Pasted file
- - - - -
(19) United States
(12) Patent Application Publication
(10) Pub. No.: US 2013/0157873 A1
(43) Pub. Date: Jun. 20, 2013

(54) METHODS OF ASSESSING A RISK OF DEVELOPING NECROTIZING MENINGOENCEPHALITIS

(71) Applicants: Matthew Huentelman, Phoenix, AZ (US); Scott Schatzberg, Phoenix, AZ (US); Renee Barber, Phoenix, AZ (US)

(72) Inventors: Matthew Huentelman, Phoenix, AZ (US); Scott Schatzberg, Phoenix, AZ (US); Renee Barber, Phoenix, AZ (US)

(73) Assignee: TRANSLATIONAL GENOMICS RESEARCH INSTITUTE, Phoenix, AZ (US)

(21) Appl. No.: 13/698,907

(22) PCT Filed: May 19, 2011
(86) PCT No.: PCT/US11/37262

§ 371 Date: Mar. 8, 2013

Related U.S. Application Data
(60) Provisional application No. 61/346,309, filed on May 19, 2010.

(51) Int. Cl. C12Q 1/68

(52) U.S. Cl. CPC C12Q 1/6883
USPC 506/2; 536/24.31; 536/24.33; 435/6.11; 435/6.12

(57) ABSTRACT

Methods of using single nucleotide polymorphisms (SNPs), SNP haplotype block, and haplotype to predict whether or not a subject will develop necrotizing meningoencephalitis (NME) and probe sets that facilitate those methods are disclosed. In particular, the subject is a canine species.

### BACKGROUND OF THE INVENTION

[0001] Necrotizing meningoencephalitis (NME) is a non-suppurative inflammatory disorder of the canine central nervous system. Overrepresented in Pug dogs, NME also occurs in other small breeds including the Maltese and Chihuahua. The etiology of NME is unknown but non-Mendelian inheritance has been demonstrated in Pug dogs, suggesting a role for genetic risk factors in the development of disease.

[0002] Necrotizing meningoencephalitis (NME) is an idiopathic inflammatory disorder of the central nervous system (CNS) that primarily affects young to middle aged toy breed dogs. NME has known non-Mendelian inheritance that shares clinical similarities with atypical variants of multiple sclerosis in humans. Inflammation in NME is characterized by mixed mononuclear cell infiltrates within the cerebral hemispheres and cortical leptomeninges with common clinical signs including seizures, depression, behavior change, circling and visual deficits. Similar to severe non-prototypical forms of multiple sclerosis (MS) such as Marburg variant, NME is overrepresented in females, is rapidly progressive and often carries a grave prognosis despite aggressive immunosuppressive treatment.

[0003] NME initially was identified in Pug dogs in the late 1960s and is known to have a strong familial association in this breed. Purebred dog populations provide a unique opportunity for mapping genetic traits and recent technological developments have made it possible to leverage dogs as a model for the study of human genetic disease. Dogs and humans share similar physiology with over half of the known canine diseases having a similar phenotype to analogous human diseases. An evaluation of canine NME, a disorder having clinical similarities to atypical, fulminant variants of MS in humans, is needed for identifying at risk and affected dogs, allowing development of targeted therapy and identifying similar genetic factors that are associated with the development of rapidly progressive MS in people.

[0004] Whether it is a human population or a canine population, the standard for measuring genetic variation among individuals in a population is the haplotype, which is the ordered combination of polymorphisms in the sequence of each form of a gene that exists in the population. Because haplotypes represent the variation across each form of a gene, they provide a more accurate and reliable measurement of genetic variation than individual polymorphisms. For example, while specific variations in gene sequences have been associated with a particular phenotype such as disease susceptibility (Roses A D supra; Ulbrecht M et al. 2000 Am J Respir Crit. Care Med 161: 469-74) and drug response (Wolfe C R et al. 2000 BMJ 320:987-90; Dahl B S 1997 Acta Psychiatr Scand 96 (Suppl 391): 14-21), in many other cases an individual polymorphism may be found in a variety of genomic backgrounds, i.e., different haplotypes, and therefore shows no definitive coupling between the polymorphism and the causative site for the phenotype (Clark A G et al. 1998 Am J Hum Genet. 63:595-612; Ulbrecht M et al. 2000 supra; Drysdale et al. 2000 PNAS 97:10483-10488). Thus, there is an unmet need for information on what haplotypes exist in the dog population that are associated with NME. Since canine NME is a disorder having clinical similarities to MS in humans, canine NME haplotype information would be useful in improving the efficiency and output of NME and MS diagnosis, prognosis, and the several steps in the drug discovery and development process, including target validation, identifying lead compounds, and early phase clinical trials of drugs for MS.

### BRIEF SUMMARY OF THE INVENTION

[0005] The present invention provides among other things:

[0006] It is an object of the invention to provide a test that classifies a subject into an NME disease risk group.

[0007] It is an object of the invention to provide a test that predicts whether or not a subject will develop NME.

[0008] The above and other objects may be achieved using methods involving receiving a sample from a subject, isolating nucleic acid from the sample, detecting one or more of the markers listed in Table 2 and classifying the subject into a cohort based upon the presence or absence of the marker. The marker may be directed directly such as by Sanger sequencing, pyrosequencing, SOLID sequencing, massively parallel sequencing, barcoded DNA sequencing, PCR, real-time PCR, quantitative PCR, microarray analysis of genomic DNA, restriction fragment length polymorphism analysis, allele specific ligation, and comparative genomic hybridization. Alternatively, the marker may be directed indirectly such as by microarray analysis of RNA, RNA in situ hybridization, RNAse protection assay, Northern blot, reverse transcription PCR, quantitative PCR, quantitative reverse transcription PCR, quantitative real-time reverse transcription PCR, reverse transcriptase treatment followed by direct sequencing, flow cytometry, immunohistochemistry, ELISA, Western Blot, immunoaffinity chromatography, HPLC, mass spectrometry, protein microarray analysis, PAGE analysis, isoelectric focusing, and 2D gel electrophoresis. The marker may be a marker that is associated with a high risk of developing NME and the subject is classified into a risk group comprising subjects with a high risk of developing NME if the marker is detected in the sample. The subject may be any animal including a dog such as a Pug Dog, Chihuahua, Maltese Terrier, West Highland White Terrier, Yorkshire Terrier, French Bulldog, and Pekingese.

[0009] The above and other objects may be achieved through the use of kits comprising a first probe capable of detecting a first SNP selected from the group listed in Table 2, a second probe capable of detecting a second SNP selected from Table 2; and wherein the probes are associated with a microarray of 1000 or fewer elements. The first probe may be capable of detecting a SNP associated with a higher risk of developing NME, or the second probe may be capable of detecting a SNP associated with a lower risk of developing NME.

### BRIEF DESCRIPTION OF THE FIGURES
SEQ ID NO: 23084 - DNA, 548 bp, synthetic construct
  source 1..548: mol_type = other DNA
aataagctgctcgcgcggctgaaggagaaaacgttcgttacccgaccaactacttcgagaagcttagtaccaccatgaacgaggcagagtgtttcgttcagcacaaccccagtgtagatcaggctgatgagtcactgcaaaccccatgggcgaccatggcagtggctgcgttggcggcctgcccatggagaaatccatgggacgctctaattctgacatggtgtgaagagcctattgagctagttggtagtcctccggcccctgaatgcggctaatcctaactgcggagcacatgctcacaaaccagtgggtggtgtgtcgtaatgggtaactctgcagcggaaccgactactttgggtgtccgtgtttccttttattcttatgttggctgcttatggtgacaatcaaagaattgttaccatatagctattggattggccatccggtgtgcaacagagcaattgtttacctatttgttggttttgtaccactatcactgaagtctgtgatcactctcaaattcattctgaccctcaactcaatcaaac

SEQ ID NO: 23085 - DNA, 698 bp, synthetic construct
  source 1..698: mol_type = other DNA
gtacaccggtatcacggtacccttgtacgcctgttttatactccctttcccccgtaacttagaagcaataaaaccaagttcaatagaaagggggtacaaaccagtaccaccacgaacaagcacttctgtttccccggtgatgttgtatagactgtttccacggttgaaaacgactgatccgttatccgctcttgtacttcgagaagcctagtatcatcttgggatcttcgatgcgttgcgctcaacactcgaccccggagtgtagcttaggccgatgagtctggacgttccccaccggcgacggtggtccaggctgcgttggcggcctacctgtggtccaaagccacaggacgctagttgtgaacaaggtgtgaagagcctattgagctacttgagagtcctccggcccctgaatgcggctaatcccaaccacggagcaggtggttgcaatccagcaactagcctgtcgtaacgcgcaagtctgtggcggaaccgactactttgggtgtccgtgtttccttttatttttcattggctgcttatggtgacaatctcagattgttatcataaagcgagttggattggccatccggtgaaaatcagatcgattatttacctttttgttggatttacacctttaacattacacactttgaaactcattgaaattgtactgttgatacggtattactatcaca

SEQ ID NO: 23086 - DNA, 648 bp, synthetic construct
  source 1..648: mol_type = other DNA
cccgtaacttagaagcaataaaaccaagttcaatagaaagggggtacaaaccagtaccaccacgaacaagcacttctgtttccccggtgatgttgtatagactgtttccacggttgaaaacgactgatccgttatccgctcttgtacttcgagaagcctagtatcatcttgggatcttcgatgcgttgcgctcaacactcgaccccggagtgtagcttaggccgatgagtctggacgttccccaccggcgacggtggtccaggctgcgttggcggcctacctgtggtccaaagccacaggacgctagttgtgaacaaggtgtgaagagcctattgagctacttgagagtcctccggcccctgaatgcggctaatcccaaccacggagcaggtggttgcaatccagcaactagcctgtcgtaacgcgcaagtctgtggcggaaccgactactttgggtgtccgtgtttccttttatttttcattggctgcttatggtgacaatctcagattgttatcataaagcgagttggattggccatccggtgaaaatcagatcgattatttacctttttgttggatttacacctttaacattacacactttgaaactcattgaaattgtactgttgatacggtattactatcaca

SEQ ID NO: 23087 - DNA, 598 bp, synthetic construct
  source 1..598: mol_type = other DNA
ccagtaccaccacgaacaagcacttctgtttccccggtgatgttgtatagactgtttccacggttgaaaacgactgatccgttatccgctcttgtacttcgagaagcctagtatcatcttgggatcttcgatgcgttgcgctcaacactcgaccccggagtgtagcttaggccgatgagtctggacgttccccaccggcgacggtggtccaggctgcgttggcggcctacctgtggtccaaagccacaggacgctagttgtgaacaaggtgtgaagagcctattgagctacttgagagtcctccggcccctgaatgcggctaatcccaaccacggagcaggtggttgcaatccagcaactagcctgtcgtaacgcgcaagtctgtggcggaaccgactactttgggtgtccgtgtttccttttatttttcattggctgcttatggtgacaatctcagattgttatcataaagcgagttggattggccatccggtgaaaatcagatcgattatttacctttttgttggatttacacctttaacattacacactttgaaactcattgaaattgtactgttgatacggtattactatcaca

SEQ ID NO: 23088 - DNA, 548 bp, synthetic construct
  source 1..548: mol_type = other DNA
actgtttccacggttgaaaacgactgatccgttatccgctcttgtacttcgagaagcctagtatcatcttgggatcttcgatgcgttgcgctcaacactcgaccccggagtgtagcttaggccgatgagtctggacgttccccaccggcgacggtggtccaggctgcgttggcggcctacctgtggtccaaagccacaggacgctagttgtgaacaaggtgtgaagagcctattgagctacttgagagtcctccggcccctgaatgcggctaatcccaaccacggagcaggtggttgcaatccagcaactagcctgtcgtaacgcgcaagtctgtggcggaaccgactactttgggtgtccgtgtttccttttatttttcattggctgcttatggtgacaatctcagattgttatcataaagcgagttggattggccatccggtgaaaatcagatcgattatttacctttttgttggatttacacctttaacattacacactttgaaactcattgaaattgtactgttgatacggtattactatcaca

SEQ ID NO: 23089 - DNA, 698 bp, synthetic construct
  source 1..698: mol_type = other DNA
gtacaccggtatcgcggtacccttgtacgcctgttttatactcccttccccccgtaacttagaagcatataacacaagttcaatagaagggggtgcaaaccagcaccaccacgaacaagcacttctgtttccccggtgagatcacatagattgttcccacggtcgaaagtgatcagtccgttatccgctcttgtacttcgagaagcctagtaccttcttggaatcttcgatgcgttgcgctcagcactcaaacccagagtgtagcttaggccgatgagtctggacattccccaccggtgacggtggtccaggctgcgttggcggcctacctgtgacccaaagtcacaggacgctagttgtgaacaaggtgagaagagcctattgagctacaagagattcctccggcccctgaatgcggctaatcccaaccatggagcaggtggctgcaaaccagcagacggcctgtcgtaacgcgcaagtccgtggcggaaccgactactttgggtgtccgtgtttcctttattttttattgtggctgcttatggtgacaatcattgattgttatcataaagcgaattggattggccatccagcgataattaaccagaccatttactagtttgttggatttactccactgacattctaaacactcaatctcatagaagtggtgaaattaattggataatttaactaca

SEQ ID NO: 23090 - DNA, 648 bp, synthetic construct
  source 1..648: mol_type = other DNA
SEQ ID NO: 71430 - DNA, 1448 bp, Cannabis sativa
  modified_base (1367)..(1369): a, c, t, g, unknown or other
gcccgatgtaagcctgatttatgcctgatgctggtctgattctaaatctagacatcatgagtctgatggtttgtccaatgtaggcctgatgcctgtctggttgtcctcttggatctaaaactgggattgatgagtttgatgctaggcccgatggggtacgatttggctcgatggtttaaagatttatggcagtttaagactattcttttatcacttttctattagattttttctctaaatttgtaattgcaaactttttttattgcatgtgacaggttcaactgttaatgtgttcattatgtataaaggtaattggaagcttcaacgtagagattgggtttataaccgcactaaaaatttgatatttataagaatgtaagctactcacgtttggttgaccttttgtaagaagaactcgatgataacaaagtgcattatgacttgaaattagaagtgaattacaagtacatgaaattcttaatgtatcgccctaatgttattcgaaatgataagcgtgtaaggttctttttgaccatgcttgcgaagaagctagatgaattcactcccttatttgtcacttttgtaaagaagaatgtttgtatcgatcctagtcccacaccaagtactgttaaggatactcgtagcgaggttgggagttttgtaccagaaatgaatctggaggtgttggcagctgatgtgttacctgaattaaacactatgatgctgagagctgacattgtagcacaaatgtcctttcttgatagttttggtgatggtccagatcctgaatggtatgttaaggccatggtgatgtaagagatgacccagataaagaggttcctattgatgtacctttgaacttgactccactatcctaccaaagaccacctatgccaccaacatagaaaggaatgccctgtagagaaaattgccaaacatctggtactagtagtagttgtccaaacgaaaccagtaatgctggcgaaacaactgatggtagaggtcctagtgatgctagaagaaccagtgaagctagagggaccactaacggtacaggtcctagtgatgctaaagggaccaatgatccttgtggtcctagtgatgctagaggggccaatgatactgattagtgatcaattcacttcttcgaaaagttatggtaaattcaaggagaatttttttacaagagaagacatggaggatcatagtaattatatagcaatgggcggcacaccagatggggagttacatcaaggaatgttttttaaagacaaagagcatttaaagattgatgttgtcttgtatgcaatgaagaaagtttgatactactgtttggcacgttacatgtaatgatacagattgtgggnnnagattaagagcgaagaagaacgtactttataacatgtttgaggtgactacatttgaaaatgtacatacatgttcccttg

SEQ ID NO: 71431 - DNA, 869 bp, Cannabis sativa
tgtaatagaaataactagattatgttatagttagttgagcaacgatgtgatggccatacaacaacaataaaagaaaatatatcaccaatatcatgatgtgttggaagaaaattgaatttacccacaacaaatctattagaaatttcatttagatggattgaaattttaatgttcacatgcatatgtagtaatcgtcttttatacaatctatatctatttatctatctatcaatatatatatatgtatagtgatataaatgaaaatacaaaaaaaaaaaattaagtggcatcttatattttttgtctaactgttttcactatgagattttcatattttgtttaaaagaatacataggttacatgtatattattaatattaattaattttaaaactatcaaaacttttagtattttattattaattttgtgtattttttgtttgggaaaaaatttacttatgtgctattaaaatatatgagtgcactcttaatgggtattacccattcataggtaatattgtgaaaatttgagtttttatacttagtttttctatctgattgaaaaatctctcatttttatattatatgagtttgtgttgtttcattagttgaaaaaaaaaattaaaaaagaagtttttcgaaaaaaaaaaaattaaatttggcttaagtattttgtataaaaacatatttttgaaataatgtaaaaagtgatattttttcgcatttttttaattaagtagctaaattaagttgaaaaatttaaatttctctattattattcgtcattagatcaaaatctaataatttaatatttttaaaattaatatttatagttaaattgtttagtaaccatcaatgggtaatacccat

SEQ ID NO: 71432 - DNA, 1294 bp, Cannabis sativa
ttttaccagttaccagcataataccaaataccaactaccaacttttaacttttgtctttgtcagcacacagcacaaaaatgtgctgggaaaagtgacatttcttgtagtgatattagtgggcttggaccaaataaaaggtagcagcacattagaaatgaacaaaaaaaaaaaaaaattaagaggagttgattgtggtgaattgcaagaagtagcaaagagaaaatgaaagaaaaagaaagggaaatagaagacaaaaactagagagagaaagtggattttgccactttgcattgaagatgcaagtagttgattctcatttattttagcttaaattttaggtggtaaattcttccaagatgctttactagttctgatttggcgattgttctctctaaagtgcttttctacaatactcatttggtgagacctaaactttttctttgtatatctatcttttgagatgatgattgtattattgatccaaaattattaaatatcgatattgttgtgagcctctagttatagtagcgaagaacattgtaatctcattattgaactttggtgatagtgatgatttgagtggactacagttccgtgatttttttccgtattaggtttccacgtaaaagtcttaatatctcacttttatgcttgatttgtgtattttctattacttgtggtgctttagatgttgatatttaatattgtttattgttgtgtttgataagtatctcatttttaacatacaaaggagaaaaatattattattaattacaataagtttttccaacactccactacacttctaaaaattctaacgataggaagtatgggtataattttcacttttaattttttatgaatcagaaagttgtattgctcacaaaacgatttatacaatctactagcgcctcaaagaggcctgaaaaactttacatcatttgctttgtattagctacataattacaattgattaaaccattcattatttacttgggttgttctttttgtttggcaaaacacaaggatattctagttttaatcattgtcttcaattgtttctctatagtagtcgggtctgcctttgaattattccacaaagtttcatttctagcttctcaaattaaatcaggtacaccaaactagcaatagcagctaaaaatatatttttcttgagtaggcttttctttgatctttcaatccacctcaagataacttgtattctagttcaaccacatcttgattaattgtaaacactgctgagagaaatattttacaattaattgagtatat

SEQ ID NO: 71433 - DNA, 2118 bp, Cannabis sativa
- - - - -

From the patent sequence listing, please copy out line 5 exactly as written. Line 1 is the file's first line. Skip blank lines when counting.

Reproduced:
(54) METHODS OF ASSESSING A RISK OF DEVELOPING NECROTIZING MENINGOENCEPHALITIS